Autism, Perfect Pitch, and Learning the Piano

  • Henny Kupferstein, BS

    Music Consultant

    Almost every parent dreams of affording their child the opportunity to study piano. For parents of autistic children, this dream can be realized through dignified channels of planning. Music educators (piano teachers) are not trained to work with students who have diverse learning needs outside of the age-old system. Additionally, music therapists do not teach an instrument in the classical tradition. Rather, they work on “increasing eye contact,” “responding to name when called,” and other such non-musical goals. As a result, autistic students often do not have the opportunity for their musical gifts to be realized.


    In many schools, a student with an IEP, enrolled in an ensemble, will be put in the corner to play the triangle. Yet, these individuals are often the most musically talented in the room; the specific cerebral differences of autism manifest itself within the overarching leanings of cortical auditory perception. This type of detail-oriented information-processing lends itself to preeminence for fine arts (music) over whole-words (language), often resulting in the phenomenon of perfect pitch, and synaesthesia.


    In the scientific literature, “absolute pitch” is defined as an ability to name or match an exact tone without a reference point, in roughly 1 in 10,000 of the population. This definition has evolved into the stereotype of the perfect pitcher who walks down the street and announces, “That car horn is a C sharp”! Absolute pitch can present itself in a variety of ways, oftentimes without the note-naming abilities. In cultures where the western diatonic scale is unfamiliar, note-naming is a moot criteria. Similarly, with non-verbal students, methods for testing their gift must to be redefined.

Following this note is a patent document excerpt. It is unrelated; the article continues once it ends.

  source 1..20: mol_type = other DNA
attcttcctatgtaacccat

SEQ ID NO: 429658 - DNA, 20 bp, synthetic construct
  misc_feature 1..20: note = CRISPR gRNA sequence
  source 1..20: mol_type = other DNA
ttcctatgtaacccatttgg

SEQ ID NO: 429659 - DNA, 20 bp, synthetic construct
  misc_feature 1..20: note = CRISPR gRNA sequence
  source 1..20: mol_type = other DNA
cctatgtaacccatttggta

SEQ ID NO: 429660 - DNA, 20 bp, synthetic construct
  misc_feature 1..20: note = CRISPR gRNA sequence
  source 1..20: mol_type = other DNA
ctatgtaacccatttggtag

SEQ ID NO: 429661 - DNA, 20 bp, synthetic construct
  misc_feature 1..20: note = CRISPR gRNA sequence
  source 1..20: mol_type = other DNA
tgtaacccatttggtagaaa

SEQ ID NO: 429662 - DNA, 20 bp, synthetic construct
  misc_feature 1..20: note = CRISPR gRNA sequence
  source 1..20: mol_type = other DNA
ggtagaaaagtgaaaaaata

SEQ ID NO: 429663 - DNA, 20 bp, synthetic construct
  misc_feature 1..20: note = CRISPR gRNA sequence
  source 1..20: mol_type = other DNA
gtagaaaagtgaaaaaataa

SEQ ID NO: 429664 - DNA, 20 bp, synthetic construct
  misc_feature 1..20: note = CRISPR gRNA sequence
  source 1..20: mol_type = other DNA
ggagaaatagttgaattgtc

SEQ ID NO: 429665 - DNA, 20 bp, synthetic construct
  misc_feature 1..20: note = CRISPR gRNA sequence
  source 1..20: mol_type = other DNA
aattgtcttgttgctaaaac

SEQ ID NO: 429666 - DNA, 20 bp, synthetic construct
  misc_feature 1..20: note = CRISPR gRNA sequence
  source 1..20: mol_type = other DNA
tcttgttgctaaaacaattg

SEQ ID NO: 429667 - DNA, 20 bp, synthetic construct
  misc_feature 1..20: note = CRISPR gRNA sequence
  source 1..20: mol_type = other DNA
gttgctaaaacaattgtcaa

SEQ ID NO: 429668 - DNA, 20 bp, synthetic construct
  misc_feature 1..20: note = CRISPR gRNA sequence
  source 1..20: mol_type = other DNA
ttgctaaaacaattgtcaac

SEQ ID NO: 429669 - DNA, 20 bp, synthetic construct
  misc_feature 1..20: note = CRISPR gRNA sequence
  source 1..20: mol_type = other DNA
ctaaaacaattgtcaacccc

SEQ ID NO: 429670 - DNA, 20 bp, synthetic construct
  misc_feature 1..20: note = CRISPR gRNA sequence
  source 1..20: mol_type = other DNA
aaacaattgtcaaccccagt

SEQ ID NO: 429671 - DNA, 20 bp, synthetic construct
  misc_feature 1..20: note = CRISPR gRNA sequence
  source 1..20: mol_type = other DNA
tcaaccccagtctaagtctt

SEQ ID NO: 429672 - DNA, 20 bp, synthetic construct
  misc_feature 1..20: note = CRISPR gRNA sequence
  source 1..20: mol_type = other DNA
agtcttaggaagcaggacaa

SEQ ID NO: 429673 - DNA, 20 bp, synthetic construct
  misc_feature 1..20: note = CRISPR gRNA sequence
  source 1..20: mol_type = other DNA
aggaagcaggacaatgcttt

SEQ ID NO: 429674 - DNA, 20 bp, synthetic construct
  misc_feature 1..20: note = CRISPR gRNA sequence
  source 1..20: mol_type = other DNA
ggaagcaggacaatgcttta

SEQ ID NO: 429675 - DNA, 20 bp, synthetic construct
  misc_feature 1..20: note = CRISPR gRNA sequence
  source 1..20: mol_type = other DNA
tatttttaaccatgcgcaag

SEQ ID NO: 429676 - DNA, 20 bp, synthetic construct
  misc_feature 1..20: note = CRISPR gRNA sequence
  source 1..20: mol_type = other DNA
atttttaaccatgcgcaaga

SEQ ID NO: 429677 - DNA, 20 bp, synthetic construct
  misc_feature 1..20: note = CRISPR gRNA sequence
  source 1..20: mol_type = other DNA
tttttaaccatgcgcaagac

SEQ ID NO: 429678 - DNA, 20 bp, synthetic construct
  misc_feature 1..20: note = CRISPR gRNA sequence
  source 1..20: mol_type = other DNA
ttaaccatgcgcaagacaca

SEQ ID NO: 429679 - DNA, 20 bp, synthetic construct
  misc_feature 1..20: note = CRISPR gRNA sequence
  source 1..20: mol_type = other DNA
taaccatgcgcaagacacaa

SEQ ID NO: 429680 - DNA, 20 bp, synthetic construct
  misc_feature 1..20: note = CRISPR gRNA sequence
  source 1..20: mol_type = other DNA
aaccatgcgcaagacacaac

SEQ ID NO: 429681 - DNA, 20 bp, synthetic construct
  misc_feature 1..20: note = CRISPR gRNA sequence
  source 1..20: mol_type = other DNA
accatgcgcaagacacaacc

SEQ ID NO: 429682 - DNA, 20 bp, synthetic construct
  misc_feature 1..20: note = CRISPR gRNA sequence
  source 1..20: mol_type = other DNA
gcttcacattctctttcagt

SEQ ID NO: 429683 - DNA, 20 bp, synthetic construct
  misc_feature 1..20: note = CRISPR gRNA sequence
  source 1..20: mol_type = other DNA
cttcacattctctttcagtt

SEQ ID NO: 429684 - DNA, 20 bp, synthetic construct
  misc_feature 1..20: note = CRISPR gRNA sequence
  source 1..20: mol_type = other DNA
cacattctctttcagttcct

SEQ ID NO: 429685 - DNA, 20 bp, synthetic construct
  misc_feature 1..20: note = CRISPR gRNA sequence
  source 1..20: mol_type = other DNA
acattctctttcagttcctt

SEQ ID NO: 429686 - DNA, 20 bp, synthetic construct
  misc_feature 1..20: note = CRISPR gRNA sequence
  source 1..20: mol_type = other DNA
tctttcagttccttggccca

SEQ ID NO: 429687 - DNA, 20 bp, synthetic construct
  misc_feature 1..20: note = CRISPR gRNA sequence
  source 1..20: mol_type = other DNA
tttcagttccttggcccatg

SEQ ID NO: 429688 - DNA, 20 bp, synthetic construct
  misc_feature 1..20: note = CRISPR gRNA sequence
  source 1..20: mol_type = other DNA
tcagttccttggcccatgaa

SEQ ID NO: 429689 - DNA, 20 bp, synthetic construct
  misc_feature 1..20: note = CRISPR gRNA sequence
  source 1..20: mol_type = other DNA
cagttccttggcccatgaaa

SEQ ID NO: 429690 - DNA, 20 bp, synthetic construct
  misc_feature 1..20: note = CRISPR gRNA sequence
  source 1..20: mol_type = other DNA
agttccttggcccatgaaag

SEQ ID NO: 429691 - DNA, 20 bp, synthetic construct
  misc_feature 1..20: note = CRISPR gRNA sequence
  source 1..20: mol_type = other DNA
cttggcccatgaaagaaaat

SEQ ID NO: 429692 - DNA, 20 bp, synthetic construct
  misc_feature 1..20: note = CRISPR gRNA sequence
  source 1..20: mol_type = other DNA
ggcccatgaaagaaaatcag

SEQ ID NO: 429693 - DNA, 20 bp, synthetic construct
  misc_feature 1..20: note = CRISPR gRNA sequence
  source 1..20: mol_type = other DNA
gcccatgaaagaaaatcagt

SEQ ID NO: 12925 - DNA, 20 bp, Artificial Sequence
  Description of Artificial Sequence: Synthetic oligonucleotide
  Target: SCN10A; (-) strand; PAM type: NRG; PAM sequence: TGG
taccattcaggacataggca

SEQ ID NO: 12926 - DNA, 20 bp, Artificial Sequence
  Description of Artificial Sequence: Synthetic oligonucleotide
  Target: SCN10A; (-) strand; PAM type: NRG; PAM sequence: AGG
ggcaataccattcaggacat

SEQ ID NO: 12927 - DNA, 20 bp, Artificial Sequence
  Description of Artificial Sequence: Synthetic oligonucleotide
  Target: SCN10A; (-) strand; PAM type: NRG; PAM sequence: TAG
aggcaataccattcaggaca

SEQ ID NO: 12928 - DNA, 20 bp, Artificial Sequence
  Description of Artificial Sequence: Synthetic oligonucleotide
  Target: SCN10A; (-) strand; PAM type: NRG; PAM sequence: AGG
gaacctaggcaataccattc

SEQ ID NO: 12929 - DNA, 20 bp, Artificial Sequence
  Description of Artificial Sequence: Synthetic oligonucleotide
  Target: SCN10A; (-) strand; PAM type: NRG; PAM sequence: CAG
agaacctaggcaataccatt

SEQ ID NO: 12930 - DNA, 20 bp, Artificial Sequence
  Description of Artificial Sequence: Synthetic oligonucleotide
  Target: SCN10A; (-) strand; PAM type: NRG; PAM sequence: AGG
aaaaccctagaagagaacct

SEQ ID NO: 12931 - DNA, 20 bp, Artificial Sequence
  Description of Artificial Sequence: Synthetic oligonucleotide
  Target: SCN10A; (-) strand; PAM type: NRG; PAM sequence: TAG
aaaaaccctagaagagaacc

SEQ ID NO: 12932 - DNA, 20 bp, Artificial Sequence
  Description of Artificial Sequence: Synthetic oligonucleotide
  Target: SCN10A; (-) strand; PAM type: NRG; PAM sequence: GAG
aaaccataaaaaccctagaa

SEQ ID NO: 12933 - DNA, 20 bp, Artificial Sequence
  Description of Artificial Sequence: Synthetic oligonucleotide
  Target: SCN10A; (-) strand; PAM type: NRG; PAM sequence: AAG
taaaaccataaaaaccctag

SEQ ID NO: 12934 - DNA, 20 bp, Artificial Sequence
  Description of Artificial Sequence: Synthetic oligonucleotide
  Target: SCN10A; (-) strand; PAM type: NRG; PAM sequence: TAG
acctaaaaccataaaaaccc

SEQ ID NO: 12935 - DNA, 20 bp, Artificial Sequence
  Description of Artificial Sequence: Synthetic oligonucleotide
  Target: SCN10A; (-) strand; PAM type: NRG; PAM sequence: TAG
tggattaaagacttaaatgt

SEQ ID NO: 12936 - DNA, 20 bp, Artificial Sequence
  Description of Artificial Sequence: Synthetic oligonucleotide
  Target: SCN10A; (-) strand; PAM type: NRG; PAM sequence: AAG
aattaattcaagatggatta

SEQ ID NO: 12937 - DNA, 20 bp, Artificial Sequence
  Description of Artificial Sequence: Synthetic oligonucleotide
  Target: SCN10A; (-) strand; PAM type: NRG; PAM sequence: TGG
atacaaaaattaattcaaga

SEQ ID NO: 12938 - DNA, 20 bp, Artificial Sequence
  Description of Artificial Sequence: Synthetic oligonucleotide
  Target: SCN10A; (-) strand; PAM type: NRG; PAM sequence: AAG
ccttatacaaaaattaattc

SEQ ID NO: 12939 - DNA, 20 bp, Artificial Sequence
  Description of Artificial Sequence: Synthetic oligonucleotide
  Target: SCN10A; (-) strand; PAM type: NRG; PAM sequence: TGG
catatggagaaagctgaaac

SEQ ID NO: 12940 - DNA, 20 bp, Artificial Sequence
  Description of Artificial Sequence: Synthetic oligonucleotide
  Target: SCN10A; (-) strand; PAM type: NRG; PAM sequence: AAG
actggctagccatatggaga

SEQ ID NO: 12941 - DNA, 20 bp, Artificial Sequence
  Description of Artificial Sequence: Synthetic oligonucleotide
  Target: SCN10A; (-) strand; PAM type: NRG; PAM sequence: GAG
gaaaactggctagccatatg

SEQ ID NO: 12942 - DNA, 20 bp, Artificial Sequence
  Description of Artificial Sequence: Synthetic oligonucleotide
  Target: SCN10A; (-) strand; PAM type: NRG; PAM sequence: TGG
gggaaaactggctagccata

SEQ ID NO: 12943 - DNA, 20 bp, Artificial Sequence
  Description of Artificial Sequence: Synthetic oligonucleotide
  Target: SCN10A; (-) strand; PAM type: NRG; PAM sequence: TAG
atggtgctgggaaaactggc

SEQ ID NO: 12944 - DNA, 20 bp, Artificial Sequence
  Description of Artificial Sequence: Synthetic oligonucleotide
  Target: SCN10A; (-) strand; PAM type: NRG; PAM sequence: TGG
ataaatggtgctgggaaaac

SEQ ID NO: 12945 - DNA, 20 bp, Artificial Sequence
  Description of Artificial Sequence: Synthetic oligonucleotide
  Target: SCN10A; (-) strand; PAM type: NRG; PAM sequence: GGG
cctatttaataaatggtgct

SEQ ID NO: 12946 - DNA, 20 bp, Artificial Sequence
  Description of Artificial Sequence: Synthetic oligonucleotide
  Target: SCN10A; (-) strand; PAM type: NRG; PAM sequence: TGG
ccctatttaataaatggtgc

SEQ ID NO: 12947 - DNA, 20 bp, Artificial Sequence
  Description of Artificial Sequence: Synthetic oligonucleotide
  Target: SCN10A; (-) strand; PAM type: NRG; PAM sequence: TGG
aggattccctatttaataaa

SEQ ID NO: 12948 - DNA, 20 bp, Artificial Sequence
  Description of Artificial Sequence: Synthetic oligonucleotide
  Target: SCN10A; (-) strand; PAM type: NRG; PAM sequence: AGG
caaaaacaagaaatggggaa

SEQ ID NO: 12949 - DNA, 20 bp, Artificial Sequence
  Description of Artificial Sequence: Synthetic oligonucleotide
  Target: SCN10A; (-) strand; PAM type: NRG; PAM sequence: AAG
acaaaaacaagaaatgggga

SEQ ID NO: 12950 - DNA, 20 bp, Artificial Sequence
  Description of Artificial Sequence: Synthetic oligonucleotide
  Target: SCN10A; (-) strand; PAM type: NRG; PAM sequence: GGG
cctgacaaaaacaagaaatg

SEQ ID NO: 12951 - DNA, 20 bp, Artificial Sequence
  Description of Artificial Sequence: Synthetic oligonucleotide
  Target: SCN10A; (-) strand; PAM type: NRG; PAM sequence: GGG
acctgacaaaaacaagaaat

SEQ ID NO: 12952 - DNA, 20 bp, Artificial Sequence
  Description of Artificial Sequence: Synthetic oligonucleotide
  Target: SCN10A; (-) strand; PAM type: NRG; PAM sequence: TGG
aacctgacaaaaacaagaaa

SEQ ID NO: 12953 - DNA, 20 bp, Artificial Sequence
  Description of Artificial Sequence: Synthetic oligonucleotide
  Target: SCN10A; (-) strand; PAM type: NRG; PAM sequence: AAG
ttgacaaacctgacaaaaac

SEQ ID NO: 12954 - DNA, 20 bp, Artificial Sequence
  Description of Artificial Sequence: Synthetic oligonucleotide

Teaching such a student requires that the teacher understand why he rushes through his playing, drops his head down to the keys, looks up and away when improvising, and struggles to track the notes on the page . When the student hears every sound in the environment with finely tuned perception, the sound experience is dramatically different for them compared to others.   Susan Rancer is a music therapist who understands this. Herself a perfect pitcher, Susan works with clients one-on-one to teach in a highly specialized manner. Almost all her autistic students have perfect pitch, which allows them to blaze through their journey towards impressive achievements in musical improvisation, composition, and performance.


    One such success story is Sam Rubin, a talented baritone and emerging prodigy in theatre, film, and opera. Sam has been working with Susan since the age of four, when he was non-verbal, and excluded from many typical learning opportunities. For Sam and other students with autism, the intrigue of the multisensory experience from tactile playing and auditory perceptions combined, becomes the motivator for plowing through the lesson.


    This specific method affords the individual the gift of demonstrating their intellect to family, friends, and teachers. A school district can easily recognize such competence as indicative of higher levels of sophistication. Then, the educational team can justify taking steps to assume competence and mainstreaming to regular education.


    Music isn’t what makes us smarter; it is the process of learning it that does. The practice and discipline in refining one’s instrumental technique involves hand-eye coordination and fine and gross motor skills. Working on these systems each week through harmony and rhythm stimulates pattern recognition as translated from symbols. These associations of the musical notes open the brain up to quantitative reasoning abilities, which carry over to every area of life. This is how music can help bring about dignity for the student with exceptionalities. It also helps enhance the student’s social awareness in peer settings, so that he or she can make a unique contribution to the interacting group. In the broadest sense, social change can be brought about through equal access and inclusion for arts and education. And music education is a perfect catalyst for neuro-diverse educational opportunities for all.


                Henny Kupferstein is a prolific composer and true scholar at heart. She holds a Bachelor of Science degree for Music Leadership in Society. Henny is presently in private practice and is a frequent presenter and consultant to parents and educators on the subjects of music, perfect pitch, autism, and sensory integration.   Henny can be reached at



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